Archive: August, 2012
When I heard the other day that astronaut Neil Armstrong had passed away at age 82, I thought of our wonderful visit to Purdue University last summer and Sparkle's pictures with his statue. I remembered that adoring look she gave him, and how she is right now taking many, many small steps herself to become a Seeing Eye dog and change someone's life for the better.
Very soon, next month, she will be taking her Town Walk and then will be matched with her new owner. No giant leaps for Sparkle, just moving steadily forward in the leather harness. I'll keep you posted.
Here's a curious footnote: My wife's college friend we stayed with at Purdue is married to a university firefighter. The morning that Neil Armstrong died, the fire alarms went off in the Neil Armstrong Engineering Building. When firefighters responded, there was no fire. Later, the alarm was attributed to an internal electrical short. Cause unknown.
We've received several Sparkle updates recently, but the big one came in the mail yesterday! In a letter to my daughter Betsy, the Seeing Eye says that Sparkle is ready for her Town Walk next month. The Town Walk is a graduation of sorts, in which the puppy-raiser discreetly follows the budding Seeing Eye dog and her trainer around Morristown. Sparkle will act as the guide dog for the trainer as they navigate streets and traffic and any obstacles they encounter in the very busy town.
The Seeing Eye's letter reads in part: "I am very pleased to report that Sparkle exhibits above average capability and willingness in her training and at this time Sparkle shows great potential as a guide dog."
I did speak briefly with Sparkle's trainer, Brooke, last month, and she said they were working on one problem: Sparkle was stopping to "mark" or relieve herself along the route when they were working. Let's hope she's gotten safely past that. Brooke also sent a postcard about two weeks ago in which she said Sparkle was doing well, but they were working to overcome the "park time" problem. "Park time" is the command that the handler uses to get the dog to relieve herself before heading out onto the walk.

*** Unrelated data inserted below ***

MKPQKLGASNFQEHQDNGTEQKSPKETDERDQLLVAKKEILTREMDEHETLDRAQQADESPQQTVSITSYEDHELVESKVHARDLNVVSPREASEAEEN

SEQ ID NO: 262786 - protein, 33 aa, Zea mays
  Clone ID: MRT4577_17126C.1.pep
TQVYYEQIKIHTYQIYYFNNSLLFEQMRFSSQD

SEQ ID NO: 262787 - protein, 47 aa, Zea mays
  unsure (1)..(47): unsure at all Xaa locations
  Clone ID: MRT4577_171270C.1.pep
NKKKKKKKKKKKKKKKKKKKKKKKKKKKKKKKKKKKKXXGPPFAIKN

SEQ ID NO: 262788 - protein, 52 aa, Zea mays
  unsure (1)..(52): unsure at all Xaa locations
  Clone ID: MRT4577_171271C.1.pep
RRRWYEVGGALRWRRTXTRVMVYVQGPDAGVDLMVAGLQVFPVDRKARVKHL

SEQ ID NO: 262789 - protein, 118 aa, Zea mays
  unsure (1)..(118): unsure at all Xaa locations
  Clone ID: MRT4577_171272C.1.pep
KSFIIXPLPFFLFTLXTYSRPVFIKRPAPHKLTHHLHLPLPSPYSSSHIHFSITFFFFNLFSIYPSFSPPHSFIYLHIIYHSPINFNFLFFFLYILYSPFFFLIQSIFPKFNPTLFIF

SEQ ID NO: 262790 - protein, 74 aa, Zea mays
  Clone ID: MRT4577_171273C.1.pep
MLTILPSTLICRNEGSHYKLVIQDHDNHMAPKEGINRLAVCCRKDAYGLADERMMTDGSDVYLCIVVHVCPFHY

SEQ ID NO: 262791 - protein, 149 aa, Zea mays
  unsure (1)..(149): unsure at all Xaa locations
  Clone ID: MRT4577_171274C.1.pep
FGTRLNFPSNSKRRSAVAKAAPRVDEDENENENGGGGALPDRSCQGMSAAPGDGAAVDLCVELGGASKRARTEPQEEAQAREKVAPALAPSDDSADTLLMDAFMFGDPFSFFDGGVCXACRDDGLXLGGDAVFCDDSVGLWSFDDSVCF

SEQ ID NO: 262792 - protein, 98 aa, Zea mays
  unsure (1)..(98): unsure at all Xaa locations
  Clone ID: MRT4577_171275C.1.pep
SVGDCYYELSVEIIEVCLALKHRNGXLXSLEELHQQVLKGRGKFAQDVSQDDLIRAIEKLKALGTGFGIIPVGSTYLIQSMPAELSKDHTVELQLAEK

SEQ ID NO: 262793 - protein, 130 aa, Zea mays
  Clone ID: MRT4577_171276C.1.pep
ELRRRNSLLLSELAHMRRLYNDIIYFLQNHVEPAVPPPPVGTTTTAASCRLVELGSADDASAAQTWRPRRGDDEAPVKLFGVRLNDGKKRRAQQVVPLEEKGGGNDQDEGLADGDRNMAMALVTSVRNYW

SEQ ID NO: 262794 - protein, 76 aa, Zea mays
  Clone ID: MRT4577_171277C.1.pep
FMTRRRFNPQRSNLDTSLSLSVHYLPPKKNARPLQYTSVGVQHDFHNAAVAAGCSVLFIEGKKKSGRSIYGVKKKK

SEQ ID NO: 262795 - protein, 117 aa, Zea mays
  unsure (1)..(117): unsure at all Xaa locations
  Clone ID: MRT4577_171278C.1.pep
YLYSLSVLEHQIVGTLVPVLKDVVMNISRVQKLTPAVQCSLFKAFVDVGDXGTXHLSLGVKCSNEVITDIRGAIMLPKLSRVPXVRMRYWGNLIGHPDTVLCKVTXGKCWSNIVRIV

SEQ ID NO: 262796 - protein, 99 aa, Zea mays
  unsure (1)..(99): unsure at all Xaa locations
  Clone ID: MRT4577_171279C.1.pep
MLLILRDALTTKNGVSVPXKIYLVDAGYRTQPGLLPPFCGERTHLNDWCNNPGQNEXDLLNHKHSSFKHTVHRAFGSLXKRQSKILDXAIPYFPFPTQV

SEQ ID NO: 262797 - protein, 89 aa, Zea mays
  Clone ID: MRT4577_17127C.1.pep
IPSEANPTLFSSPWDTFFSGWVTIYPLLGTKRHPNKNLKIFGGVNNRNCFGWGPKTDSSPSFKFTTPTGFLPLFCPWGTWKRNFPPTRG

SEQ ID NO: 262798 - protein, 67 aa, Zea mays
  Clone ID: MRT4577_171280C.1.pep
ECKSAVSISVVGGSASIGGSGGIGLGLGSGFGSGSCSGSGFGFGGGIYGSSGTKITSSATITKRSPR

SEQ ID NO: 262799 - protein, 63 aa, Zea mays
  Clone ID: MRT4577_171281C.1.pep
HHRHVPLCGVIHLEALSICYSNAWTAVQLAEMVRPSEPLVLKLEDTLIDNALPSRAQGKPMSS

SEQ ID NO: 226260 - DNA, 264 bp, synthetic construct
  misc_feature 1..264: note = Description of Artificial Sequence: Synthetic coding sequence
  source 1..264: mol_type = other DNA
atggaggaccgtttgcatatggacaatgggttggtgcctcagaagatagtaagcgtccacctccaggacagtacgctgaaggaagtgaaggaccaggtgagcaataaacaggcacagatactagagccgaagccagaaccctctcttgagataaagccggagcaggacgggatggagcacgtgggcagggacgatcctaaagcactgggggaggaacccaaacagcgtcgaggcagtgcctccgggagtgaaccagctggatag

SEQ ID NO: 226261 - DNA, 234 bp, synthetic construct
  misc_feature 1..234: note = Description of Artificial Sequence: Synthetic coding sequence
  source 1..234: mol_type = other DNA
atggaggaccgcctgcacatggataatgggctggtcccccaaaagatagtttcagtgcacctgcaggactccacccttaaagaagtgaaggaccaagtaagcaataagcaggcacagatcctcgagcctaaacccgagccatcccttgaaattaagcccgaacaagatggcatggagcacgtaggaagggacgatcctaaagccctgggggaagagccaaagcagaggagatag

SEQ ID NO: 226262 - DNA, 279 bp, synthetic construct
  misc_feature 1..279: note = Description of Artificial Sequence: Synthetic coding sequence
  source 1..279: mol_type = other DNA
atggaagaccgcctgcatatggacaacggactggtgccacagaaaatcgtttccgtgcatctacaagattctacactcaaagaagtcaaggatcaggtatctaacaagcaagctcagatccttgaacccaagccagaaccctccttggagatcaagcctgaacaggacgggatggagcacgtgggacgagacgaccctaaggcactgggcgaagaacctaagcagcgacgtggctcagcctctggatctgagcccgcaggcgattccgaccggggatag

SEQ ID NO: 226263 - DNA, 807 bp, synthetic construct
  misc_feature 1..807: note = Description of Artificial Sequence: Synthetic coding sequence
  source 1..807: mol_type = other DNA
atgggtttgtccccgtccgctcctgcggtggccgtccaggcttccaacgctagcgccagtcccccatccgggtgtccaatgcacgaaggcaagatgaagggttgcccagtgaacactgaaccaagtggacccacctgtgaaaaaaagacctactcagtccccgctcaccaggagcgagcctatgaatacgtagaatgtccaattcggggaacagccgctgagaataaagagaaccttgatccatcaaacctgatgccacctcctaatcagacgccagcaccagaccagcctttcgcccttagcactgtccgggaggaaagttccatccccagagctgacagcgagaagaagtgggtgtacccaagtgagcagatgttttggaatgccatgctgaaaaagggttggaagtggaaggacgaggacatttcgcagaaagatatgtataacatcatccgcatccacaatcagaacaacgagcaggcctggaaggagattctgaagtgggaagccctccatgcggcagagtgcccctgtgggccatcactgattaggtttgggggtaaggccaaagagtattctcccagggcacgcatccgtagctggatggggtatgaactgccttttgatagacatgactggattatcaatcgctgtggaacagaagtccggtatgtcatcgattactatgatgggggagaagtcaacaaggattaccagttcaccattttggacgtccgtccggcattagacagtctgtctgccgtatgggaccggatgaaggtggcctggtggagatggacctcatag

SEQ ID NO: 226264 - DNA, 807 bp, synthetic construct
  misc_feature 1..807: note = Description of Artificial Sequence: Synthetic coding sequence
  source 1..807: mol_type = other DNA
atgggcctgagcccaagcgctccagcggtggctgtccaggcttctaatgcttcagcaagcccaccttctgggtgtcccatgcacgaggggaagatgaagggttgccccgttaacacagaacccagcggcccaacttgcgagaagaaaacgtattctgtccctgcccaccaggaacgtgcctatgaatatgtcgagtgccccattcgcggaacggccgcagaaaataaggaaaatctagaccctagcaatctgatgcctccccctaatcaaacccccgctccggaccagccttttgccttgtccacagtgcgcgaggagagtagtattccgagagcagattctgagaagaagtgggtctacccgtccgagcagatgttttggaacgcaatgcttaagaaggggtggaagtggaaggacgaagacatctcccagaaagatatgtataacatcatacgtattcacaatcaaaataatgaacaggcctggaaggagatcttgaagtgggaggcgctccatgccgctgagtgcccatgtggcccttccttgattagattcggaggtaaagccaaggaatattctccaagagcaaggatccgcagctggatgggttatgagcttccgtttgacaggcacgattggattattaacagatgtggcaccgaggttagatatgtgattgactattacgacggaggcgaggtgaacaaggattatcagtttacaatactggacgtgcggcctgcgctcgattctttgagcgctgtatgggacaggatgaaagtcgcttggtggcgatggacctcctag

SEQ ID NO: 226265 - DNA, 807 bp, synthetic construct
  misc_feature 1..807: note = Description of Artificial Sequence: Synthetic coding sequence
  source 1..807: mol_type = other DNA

Ray Rebmann, a veteran puppy-raiser in Cape May County, has devoted a whole book to that question that all of us puppy-raisers are all too familiar with: "How Can You Give Up that Adorable Puppy?" In fact, that is the title of his lively, humorous memoir.
I've spent the last few weeks leisurely reading it, a chapter or two at a time, even taking it on the PATCO train for the 20-minute commute to our new offices at 801 Market St. My workday always starts off on the right foot with a couple of dog stories fresh in my mind.
Ray and his family are much more experienced with the Seeing Eye program than we are. They have raised around a dozen pups, whereas we've had a grand total of three (seems like more, especially when they are chewing up the furniture).
Well ... I got the official news the other day that Viola, the recently retired Seeing Eye dog of Jordan Ortiz, finished second in her category in the Hero Dog competition. I'd heard in Jordan's updates that she had slipped to second place, but was hoping a late kick of voting might help her win by a nose. I'd like to thank everyone who voted for Viola. She truly is a hero in anyone's book!
(Looking ahead: I heard from Sparkle's trainer, and she is progressing well. I'll post a full update in the next few days. I've also read two inspiring books about guide dogs / puppy-raisers and will write about those as well.)
Here is Jordan's note, with an interesting link to the results (and pictures):
- Hi Everyone!
So, at long last we did finally hear where Viola placed!
She did finish in second place, just shy of being the finalist in her category. It was a great effort on everyone's part. She would never have moved so far up in the standings without the love and support from each and every one of you. Thanks for all you all have done to help support Viola, and even though she didn't quite come out on top, she is still our little golden hero ♥.